Word of God

The written Word

The belief that God speaks to human beings through holy writings or ‘scripture' is important within many religions. To Jews, the Hebrew Bible, which Christians refer to as the Old Testament, is the basis and the main authority for their faith. To Christians, both the Old Testament, which is the first part of the Bible, as well as the New Testament, which is the second part of the Bible and focuses on the life and teaching of Jesus Christ, are of great importance to their faith.

The Bible: a library in one book

The word ‘Bible' simply means ‘books'. This is because it is not a single book, but rather a collection of 66 volumes, written by many different authors, in Bibledifferent genres, over a period of hundreds of years. It contains ancient stories which convey meaning through symbolic language, metaphors, historical accounts, poetry, prophecy and visions, biographies, theology, apocalyptic literature as well as wise advice and rules for living. Some of these are understood to stand for all time; others are often understood to have been given for the specific time in which they were written. The Bible contains stories of love and violence, greed and compassion, suffering and joy.

The Bible: the word of God

The Bible is often described as the ‘word of God' and many of its pages portray an immanent God who relates to human beings and is involved in the reality of their everyday lives. Throughout the Old Testament, we read of God speaking to individuals such as Noah, Abraham, Moses, David and Solomon, as well as to whole communities. God's word, described in terms of a range of synonyms such as law, teachings, instructions and commands, is the subject of the longest chapter in the book of Psalms, Psalm 119. It includes metaphors such as ‘Your word is a lamp to my feet and a light for my path' (Psalms 119:105), and similes like ‘How sweet are your words to my taste, sweeter than honey to my mouth!' (Psalms 119:103).

In the New Testament, Paul writes to his young protégé Timothy, ‘All Scripture is inspired by God and is useful for teaching the truth, rebuking error, correcting faults, and giving instruction for right living' (2 Timothy 3:16), and the author of 1 Peter writes, ‘The word of the Lord endures forever' (1 Peter 1:23-25).

The sword of God

Two New Testament writers also speak of God's Word as a sword. Paul, using the imagery of a Roman soldier's armour to teach his readers how to resist temptation and spiritual attack, says, ‘Take the helmet of salvation, and the sword of the Spirit, which is the word of God' (Ephesians 6:17). The writer to the Hebrews, on the other hand, uses the imagery to describe the effect of the word of God on the reader:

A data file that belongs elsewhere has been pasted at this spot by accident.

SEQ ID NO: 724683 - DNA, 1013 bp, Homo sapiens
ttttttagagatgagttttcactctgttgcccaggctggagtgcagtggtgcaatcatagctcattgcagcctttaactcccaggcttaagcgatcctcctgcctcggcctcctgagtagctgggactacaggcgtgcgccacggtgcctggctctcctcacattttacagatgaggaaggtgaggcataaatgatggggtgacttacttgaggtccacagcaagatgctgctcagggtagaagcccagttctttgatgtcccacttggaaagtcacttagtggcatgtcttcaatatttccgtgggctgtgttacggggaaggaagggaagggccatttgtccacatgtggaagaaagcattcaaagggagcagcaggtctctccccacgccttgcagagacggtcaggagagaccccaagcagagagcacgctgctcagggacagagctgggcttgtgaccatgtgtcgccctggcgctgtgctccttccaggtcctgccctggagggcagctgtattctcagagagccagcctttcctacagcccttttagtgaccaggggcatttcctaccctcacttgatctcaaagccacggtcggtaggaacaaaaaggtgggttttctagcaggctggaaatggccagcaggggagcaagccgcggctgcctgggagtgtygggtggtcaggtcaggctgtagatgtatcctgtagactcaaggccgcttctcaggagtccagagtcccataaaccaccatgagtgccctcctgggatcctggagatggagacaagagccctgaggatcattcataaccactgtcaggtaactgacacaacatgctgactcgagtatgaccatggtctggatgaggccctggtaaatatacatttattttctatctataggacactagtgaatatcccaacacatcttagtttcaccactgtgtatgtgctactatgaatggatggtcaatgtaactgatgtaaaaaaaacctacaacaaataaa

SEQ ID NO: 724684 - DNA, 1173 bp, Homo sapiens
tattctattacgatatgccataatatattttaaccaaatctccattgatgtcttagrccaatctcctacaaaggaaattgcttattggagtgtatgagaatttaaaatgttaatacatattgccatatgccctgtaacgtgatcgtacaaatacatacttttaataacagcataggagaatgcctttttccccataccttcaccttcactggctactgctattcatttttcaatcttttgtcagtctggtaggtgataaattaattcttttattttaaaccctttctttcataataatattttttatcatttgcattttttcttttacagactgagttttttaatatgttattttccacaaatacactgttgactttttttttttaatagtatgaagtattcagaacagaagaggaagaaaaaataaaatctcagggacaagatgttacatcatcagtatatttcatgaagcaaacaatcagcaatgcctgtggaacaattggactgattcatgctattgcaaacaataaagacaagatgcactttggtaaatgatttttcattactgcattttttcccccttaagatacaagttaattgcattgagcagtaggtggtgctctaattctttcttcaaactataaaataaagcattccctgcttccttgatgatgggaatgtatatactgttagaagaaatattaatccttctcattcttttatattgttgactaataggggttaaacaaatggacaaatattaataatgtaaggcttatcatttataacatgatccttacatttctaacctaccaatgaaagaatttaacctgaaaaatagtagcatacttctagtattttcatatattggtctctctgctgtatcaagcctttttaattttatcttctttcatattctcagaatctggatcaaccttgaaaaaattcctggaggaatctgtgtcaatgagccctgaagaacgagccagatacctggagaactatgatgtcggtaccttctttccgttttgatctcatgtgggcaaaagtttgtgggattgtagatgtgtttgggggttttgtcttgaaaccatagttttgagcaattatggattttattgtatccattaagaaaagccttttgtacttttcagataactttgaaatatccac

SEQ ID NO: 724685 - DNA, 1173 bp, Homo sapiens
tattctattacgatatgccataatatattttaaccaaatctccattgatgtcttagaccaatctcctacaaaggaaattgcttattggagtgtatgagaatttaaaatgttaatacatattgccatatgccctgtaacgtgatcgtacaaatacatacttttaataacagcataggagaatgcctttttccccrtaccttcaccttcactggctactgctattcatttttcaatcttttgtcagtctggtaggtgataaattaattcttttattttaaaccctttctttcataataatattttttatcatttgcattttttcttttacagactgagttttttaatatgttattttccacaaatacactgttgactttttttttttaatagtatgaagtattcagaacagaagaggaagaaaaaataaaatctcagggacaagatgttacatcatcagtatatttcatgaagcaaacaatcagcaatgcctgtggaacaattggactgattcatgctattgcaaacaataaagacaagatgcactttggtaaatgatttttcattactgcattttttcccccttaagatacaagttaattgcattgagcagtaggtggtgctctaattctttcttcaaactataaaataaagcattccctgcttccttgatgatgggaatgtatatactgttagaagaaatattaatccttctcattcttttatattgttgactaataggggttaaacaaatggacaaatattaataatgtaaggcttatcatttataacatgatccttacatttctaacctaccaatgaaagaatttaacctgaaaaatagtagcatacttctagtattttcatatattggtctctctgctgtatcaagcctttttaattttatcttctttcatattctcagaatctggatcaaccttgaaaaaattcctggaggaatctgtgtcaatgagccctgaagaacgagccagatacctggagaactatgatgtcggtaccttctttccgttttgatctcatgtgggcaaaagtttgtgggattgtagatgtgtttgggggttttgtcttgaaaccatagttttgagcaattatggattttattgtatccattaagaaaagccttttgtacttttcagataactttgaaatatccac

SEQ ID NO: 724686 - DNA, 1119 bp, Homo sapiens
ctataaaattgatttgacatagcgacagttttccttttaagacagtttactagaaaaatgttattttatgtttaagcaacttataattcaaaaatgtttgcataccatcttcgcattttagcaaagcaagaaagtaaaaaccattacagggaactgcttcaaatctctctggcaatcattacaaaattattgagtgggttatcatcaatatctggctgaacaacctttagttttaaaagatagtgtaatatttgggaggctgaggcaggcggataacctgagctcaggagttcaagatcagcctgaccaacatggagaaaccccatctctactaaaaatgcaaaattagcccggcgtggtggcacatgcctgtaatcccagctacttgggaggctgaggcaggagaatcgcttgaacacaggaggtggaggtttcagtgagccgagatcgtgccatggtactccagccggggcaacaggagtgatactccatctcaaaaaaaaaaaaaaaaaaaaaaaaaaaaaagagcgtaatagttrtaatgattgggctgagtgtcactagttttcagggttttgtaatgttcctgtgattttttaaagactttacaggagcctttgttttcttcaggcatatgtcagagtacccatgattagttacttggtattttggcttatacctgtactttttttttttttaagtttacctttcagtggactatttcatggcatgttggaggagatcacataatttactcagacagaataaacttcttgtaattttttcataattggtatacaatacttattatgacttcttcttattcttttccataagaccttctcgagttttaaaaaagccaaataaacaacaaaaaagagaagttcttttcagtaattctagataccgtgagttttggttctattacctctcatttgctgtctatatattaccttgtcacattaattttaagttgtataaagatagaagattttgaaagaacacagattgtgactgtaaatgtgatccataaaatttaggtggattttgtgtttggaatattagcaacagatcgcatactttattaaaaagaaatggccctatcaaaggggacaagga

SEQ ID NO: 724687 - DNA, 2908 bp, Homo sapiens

‘For the word of God is alive and active. Sharper than any double-edged sword, it penetrates even to dividing soul and spirit, joints and marrow; it judges the thoughts and attitudes of the heart.' (Hebrews 4:12).

The spoken Word

The term ‘Prophets' often refers to a group of people in the Old Testament who were used by God to deliver his messages to the Israelites. Many of the statements of the Old Testament Prophets begin with the phrase ‘The Lord says...', e.g. Isaiah 43:1. The prophet Jeremiah describes his experience by comparing God's word to fire, ‘His word is in my heart like a fire', and claims he cannot keep God's message to himself but feels compelled to pass it on, even if it makes him unpopular (Jeremiah 20:9). The Prophet Ezekiel describes being given a scroll with a message from God and being told to eat it, in order to then tell the people of Israel whatever God gives him to say. In the New Testament, the author of 2 Peter comments on the prophets' messages, ‘prophets, though human, spoke from God as they were carried along by the Holy Spirit' (2 Peter 1:21).

Jesus the Word

While the Bible is often seen as God's written word, and the prophets were understood to deliver God's spoken word, Jesus is portrayed in the New Testament as being God's living word.

The New Testament letter to the Hebrews begins with the words,

In the past, God spoke to our ancestors many times and in many ways through the prophets, but in these last days he has spoken to us through his Son. He reflects the brightness of God's glory and is the exact likeness of God's own being, sustaining the universe by his powerful word. (Hebrews 1:1-3)

In the first chapter of the gospel of John, Jesus is also referred to as the ‘word' (Greek: ‘Logos'), and is claimed to have existed from the beginning of time, as being the agent of the creation of the world, and as being (the same as) God (John 1:1-3). John continues by stating that ‘the word' became a human being and lived among us (John 1:14), a reference to the nativity. See Big ideas: Trinity, Holy Spirit; Messiah, Christ, Jesus.

Related topics

Big ideas: Jews, Hebrews, Children of Israel, Isrealites; Dreams, visions, and prophecy; Trinity, Holy Spirit; Messiah, Christ, Jesus

Impact of the Bible: How the Bible came into being; Reading the Bible; An overview of the Bible narrative

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